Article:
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Old 07-14-2015, 04:11 PM   #1
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Length "handicaps" on longer Airstream trailers

Greetings folks...

First-time poster here, feeling a bit overwhelmed at the depth and breadth of content on the forums. Looks like a pretty amazing community! I've spent a fair amount of time rooting around for information on trailer length "handicaps", and haven't quite found a direct answer to my question. Apologies in advance if this has been covered previously, or if "On The Road" isn't the correct subforum (mods, please feel free to relocate if needed).

My wife and I are looking to embrace the Airstream lifestyle on a long-term basis. This would involve extended tours of full-time living on the road (perhaps a year or more, in multiple locations). It's just the two of us, and two small dogs. As the Airstream would, in effect, become our home on wheels, we're favoring longer trailers with more space. My folks might also be joining us occasionally, so we'd be sleeping four when they do. Towing weight isn't a consideration (new Ram 3500 with the Cummins diesel and AISIN transmission).

Having never towed a trailer before, I look at the rear overhang behind the wheels on the longer Airstreams and think *scraaaape* anytime we're traversing bumps, inclines, etc. Examples might include entering/exiting driveways, or random road conditions in unimproved areas when boondocking. I'd also imagine the longer trailers might run into space challenges in campgrounds, both in terms of maneuvering, plus finding a space deep enough to accommodate the trailer.

We're trying to find a "sweet spot" that strikes a balance between size and any limitations that might come with longer trailers. Any anecdotal information from folks who've logged miles in the longer trailers? Did you go big, but ultimately end up wishing you hadn't? Considering how long some of these plus size trailers have been on the road, I'd imagine these concerns aren't new. Well, they are to me, of course, which is why I'm here! ;-)

Thanx in advance for your time and responses - much appreciated!


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Old 07-14-2015, 04:19 PM   #2
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I am looking forward to reading answers posted in this thread...I have always wondered if anything 25 feet and over would restrict the ability to stay at state parks etc....

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Old 07-14-2015, 04:38 PM   #3
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Greetings from the Florida Panhandle

Welcome to the Forums. We're glad to have you with us. I see that you registered here quite some time ago, but are posting for the first time.

You have a tow vehicle that can handle any Airstream ever made. There's an old adage amongst Airstreamers. "Everyone wishes that they could tow a Bambi and when they got set up in the campground, it would turn into a 34 Slide out."

We have traveled extensively (1,600 nights/140,000 miles) in our Airstreams over the past nine years. We have had two 25FB's and a 23FB. We have always found the 25's to be very adequate for the two of us. If I were [planning to have regular guests along with us, I would look at a 30 footer. That would give you the bedroom plus a pull out couch for the guests.

That being said, a 30' Airstream will go virtually anywhere that a 25' will. There would be some exceptions, mainly state parks.

I would start by studying all of the Airstream floor plans. Then I would visit an Airstream dealer and sit in some of the units that look the most interesting on paper.

Price the new ones. Then see if what you want is out there in the used market and what it costs compared to the new one.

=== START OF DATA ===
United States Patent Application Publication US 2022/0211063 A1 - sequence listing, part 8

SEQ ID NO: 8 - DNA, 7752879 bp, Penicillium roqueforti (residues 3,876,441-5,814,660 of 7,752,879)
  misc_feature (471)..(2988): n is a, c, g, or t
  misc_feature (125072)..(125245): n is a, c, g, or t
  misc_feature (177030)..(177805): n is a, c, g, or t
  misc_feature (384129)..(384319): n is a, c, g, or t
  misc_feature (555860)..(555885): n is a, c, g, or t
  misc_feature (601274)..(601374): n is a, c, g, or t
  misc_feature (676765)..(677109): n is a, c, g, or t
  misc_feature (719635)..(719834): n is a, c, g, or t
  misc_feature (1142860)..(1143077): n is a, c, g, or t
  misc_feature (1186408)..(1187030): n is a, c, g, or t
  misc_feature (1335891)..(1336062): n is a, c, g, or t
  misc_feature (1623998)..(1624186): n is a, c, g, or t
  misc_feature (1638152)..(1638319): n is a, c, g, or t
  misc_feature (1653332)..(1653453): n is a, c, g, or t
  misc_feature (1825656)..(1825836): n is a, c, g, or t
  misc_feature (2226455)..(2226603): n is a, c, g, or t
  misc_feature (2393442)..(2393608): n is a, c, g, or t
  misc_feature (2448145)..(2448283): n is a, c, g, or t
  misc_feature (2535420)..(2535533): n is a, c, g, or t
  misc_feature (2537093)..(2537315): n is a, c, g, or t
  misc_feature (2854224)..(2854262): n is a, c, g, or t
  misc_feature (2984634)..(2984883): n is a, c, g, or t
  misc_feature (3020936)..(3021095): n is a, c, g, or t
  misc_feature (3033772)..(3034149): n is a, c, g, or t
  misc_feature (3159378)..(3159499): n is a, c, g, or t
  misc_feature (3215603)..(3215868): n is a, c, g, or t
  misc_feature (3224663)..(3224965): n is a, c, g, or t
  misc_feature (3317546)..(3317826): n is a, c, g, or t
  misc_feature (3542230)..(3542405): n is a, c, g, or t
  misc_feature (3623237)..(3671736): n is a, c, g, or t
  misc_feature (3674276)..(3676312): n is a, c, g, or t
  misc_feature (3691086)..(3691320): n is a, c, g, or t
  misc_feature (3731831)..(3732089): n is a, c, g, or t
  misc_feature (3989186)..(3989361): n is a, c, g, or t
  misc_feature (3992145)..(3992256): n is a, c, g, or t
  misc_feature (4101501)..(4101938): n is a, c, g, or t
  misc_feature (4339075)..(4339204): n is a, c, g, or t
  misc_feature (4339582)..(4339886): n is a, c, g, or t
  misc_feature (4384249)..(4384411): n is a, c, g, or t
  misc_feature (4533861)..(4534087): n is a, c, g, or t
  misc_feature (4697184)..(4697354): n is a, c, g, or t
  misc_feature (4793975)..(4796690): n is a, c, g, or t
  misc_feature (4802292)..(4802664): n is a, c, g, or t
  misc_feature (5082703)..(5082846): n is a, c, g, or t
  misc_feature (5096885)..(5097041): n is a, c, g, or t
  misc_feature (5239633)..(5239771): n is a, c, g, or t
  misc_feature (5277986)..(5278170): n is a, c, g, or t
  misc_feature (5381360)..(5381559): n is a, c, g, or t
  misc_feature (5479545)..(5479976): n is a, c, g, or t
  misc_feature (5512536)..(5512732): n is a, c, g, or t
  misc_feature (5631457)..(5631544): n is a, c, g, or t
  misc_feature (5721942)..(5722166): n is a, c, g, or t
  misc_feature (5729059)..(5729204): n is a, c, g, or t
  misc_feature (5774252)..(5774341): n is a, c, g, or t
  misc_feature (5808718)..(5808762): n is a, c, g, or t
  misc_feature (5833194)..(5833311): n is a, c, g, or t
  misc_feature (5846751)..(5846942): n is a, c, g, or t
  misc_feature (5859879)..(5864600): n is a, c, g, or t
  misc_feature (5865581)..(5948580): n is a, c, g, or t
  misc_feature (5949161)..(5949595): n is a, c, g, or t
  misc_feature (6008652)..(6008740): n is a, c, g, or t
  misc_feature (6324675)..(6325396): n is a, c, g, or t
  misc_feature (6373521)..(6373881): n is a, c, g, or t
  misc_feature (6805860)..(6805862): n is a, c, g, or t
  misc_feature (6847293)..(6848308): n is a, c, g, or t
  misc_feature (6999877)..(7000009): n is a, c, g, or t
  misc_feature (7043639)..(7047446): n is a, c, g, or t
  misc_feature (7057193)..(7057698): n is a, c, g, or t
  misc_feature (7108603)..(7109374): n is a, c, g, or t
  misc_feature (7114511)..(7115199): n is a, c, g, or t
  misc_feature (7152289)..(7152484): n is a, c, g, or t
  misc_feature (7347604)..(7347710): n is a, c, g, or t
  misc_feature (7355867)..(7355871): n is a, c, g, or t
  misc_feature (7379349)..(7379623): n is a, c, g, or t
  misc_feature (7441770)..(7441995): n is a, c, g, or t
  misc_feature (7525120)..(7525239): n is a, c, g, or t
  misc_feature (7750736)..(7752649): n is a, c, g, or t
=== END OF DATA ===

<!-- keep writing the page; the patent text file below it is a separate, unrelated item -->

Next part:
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Old 07-14-2015, 06:38 PM   #4
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Thanx, Brian! Yes, I've been lurking on and off since joining. Our conversations about full timing it recently shifted from "Wouldn't it be nice to someday...", to "Why wait?". Not a small shot to line up, so I'm starting with a little due diligence.

We've been looking at a used 30- to 34-footer, but wanted to consider some of the practical logistics of towing something that long. Great suggestion, too, about visiting a dealer and getting a feel for the interior. Only so much you can tell looking at pictures online. There would appear to be some great online resources for reviewing campgrounds, boondocking locations, RV parks, etc. We may not be able to fit everywhere, but it sounds like we can find room in plenty of great spots.


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Old 07-14-2015, 07:04 PM   #5
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As do most people, we tried to research this carefully before we bought a trailer. We started out thinking we wanted an 18-20' trailer. Even before that, my wife thought she wanted a teardrop trailer so she could cook out of the rain (doubtful in a teardrop). My requirements to shower and actually cook inside, as opposed to cooking in a semi-covered outside area, quickly expanded the size requirement to the 18-20' range. Then we began looking at what was available in that range, and of course the next range up. So many more features were available when we considered a 23', and so little was lost in terms of accessibility to the places we wanted to go that we decided on a 23' trailer. But the point is, everything depends on how you want to use it. We wanted a trailer that would fit in most state parks, and that we could haul on dirt roads for disbursed camping away from any kind of hookups.

I think that if you plan to stay in parks with pull through spaces and 50 amp service, then get whatever you can afford up to the max. I've looked through some of the bigger models, and Airstream has made good use of every extra foot they add on. I think if the sky was the limit for me, it would be the 28' Land Yacht, but there are even more amenities available for the 30' Classic, at a lower price. Frankly, we all have to be careful not to scrape the back bumper and the hitch, even my 23' FC. After a few scrapes, I learned what service station driveways work, which ones I'll have to go extra slow over, and which ones I'd better find another way around. I don't think they're going to design an Airstream you can't pull into or out of most gas stations, although you might have to pick and choose. They avoid those kind of bumps in the better RV parks.

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Old 07-14-2015, 07:34 PM   #6
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We have owned our 31' Sovereign for ten years now. We half-time so in hundreds of nights and 65000 miles we found exactly two campgrounds of any type (state/federal/private) that could not accommodate us.

Mind you, our trailer has magically shrunk a foot on occasion as a lot of state parks seem to have 30' as their magic number...

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Old 07-15-2015, 06:11 AM   #7
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I've scraped my 30' trailer once or twice in four years and dozens of trips, on weird sites that had a slope at the entrance. In hindsight, removing the lifter bars might have avoided the problem. I've yet to encounter a campground that couldn't handle a 30' trailer.